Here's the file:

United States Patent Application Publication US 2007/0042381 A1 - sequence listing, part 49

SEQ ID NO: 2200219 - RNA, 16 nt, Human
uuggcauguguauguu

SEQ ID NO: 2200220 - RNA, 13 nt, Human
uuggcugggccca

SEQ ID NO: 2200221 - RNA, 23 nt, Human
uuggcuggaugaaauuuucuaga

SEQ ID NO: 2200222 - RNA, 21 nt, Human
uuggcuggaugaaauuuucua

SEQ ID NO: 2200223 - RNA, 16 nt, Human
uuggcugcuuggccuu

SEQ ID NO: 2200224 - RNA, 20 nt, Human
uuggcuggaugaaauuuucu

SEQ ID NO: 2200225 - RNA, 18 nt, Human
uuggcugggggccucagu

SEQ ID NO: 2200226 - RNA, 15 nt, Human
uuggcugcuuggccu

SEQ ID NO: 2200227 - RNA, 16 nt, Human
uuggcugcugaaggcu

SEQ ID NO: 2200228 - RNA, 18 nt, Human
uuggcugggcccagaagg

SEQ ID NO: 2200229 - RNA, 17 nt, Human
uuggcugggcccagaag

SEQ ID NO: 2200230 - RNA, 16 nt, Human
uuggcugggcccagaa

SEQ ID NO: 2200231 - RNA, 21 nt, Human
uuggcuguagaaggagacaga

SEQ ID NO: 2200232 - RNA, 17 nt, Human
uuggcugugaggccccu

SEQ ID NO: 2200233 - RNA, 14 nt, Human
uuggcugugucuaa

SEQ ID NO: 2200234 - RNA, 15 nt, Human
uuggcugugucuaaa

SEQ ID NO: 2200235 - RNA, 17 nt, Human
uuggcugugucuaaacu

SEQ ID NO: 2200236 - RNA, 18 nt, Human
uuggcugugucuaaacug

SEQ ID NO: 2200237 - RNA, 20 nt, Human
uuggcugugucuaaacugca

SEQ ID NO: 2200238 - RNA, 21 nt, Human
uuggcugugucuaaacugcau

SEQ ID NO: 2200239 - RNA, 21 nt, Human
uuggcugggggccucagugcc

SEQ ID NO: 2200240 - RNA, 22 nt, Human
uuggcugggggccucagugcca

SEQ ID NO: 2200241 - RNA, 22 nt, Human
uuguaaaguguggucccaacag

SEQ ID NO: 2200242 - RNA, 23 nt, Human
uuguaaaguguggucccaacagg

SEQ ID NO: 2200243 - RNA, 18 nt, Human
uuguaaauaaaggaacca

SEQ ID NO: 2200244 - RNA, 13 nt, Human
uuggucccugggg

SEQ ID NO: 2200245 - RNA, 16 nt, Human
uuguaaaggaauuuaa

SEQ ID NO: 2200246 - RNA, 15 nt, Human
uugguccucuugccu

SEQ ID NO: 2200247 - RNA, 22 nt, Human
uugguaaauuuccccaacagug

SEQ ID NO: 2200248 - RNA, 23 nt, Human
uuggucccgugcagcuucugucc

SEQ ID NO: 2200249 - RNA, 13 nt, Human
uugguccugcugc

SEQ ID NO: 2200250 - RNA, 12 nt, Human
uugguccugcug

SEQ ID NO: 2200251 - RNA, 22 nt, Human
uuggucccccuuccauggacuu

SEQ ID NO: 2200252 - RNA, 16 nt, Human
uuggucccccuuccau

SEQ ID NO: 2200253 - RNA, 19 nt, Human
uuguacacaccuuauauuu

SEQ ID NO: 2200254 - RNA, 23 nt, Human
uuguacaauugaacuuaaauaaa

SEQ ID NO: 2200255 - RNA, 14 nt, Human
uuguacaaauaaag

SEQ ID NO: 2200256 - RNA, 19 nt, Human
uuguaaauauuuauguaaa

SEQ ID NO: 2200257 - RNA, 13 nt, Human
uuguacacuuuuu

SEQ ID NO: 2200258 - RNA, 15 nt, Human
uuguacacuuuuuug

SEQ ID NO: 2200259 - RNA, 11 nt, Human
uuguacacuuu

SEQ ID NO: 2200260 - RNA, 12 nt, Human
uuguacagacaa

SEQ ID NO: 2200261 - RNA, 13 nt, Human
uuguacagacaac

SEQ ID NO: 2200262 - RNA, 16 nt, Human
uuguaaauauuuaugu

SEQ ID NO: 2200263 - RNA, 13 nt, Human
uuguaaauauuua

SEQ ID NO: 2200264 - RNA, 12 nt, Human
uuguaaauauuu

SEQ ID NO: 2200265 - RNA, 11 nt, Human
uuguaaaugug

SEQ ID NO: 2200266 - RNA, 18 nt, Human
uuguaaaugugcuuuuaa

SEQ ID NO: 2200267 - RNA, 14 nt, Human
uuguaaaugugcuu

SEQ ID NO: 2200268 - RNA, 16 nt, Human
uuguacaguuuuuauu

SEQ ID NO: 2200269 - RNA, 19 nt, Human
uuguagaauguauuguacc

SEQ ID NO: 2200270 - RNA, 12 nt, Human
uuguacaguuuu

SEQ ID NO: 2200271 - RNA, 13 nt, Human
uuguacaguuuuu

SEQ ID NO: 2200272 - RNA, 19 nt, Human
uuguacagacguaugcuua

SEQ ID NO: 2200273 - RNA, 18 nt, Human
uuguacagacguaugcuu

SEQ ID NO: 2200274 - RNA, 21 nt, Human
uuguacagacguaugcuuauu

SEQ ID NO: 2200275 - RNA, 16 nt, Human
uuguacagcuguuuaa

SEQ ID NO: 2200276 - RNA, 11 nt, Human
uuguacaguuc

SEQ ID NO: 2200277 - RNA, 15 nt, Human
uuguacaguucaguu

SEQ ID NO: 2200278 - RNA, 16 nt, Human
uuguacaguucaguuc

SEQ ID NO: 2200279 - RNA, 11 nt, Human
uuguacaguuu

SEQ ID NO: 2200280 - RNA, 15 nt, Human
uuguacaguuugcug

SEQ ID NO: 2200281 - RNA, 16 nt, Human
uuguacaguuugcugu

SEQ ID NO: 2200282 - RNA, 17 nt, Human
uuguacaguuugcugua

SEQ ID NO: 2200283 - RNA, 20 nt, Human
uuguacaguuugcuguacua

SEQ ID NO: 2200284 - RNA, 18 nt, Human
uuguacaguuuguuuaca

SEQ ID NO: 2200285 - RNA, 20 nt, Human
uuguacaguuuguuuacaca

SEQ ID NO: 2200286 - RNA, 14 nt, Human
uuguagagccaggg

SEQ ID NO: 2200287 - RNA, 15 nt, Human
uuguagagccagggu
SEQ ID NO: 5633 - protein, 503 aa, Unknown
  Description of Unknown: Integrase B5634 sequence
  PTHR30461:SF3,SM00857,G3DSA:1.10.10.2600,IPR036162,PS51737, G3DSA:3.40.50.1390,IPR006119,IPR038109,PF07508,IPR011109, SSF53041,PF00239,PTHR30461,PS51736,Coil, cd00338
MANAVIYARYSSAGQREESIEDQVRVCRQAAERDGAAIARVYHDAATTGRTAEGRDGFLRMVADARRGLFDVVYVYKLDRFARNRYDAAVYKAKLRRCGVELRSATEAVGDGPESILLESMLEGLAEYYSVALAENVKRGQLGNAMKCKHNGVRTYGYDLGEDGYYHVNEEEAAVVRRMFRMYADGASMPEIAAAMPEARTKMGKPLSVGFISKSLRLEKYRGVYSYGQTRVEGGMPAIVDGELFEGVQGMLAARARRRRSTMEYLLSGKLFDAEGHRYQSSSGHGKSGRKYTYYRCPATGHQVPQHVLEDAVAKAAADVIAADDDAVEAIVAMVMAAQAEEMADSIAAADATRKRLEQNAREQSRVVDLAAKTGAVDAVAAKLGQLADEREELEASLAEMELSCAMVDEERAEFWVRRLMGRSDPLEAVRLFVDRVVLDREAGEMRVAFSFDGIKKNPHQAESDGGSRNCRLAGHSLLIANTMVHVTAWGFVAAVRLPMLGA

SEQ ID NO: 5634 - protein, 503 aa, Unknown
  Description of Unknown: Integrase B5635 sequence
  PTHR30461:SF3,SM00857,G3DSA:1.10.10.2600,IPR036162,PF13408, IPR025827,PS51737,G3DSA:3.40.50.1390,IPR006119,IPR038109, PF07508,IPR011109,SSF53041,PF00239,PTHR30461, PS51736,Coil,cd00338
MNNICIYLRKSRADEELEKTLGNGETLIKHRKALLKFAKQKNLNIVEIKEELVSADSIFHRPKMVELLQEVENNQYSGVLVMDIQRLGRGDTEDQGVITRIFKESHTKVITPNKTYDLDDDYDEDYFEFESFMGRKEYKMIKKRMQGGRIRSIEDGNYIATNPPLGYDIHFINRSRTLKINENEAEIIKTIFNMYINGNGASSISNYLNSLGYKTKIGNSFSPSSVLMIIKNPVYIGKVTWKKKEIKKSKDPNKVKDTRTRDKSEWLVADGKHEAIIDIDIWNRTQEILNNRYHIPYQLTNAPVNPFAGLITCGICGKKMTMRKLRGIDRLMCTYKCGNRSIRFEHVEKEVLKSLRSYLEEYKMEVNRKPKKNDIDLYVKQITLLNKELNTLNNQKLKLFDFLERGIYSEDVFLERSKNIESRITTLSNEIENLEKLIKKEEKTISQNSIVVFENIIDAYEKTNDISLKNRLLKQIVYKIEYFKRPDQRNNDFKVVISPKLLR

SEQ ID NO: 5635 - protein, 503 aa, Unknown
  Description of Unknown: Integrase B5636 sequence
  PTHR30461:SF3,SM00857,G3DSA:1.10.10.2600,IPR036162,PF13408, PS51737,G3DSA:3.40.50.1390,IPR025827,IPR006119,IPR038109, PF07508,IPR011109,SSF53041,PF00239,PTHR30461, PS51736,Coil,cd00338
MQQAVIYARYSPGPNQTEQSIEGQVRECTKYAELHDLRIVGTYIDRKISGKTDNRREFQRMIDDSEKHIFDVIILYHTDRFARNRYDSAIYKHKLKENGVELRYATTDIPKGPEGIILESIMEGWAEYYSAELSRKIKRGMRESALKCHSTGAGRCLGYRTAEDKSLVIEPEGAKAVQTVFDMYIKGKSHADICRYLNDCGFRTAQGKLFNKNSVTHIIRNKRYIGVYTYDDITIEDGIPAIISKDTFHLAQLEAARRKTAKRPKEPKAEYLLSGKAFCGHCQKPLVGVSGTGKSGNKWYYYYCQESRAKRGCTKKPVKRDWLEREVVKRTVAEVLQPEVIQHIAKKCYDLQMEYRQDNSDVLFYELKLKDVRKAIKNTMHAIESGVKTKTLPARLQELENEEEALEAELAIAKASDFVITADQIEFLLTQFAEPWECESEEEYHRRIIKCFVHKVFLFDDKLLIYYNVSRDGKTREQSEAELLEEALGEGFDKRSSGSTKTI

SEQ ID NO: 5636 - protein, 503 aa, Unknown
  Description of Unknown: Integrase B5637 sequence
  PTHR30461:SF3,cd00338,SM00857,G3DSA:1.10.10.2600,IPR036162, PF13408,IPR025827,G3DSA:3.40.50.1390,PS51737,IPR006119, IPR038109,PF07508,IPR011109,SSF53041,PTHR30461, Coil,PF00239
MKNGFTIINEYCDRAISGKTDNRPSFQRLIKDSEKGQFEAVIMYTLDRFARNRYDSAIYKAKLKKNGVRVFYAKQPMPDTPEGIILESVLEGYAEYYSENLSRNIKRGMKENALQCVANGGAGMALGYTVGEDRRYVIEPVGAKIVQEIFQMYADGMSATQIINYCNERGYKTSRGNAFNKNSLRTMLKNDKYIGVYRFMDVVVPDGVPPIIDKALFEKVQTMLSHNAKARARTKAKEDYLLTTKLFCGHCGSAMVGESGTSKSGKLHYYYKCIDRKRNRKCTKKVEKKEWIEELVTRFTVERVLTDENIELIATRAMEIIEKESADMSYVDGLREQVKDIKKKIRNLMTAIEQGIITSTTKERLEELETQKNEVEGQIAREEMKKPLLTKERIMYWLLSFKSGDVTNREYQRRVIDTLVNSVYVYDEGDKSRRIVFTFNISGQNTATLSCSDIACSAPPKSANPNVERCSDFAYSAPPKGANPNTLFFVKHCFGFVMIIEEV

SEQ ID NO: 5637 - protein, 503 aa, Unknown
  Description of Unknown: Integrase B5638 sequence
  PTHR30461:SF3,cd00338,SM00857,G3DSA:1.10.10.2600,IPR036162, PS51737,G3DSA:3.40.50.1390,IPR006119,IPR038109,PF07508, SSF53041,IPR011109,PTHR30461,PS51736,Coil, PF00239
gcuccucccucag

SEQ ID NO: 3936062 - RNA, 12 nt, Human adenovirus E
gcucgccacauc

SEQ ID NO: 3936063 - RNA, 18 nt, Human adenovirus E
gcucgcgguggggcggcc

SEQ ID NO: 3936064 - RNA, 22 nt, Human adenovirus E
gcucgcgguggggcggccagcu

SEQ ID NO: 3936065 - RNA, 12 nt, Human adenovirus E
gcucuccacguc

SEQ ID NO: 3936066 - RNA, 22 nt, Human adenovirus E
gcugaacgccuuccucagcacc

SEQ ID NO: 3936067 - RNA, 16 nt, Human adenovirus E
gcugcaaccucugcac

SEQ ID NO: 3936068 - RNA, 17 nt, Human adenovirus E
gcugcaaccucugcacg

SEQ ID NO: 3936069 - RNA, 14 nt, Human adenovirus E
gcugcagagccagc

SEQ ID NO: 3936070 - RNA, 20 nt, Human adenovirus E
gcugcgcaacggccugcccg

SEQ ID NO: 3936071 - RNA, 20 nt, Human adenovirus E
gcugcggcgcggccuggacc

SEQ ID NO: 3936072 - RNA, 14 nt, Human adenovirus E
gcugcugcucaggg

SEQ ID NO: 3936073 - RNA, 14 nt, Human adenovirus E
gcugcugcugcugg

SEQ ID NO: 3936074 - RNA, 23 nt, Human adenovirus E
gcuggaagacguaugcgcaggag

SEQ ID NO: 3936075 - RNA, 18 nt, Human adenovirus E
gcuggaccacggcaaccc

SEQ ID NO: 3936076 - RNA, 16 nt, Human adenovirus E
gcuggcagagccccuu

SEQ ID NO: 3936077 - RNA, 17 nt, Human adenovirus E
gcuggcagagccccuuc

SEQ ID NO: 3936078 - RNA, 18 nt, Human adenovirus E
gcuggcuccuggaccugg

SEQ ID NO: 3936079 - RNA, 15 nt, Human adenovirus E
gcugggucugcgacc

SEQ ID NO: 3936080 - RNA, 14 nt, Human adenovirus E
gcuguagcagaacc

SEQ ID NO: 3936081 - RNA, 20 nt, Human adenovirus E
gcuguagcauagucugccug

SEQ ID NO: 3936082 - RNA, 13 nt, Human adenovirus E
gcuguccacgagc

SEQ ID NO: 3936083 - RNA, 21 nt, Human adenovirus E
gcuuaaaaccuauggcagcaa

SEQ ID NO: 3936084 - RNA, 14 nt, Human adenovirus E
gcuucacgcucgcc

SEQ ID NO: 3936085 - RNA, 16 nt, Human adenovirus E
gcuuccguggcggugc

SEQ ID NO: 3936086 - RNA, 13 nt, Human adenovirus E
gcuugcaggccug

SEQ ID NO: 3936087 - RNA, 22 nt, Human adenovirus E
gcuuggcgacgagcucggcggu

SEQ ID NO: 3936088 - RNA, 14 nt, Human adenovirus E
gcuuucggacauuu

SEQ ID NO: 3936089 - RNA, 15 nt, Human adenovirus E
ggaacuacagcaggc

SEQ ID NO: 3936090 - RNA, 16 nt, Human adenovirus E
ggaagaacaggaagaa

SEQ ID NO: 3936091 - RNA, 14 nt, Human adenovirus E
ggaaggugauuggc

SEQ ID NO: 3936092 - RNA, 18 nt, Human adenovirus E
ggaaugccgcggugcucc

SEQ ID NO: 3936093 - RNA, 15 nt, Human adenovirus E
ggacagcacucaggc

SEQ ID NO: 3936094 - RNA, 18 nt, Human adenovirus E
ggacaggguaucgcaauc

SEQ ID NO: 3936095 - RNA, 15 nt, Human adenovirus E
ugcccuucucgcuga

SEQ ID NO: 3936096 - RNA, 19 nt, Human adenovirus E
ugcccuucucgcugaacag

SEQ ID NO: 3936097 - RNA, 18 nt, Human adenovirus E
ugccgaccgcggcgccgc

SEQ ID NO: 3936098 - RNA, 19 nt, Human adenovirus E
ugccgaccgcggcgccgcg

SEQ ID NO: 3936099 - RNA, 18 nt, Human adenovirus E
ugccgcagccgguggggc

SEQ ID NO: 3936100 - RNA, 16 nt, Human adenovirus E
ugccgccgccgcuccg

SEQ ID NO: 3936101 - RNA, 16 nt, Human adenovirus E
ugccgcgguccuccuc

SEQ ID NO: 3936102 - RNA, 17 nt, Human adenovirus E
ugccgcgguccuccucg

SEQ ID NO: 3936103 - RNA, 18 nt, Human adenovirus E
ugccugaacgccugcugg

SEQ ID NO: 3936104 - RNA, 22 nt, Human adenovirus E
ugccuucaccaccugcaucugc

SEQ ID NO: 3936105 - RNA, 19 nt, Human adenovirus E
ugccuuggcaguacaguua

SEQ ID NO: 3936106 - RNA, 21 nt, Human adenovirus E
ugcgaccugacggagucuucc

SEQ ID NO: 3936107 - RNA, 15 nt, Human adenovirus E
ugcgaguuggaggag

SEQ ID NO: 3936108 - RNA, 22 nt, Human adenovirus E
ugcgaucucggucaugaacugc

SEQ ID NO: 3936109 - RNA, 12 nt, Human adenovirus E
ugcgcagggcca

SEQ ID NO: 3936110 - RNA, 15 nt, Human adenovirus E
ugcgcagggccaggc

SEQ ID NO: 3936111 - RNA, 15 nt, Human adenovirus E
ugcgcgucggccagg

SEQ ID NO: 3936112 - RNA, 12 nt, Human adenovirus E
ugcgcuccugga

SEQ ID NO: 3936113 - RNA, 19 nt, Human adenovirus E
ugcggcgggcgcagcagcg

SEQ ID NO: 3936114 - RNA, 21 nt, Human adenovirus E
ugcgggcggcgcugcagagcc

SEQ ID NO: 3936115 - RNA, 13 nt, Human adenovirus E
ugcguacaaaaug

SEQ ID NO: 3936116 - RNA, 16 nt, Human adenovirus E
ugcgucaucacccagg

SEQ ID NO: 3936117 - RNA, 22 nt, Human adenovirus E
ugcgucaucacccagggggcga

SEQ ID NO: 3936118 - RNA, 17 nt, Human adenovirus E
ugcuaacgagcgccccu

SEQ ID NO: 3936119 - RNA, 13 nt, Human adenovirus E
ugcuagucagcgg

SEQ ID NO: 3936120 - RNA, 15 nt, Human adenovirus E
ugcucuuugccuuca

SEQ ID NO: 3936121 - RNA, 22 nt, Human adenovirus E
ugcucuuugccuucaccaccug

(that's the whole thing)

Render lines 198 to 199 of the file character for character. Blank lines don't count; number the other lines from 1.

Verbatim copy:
SEQ ID NO: 3936081 - RNA, 20 nt, Human adenovirus E
gcuguagcauagucugccug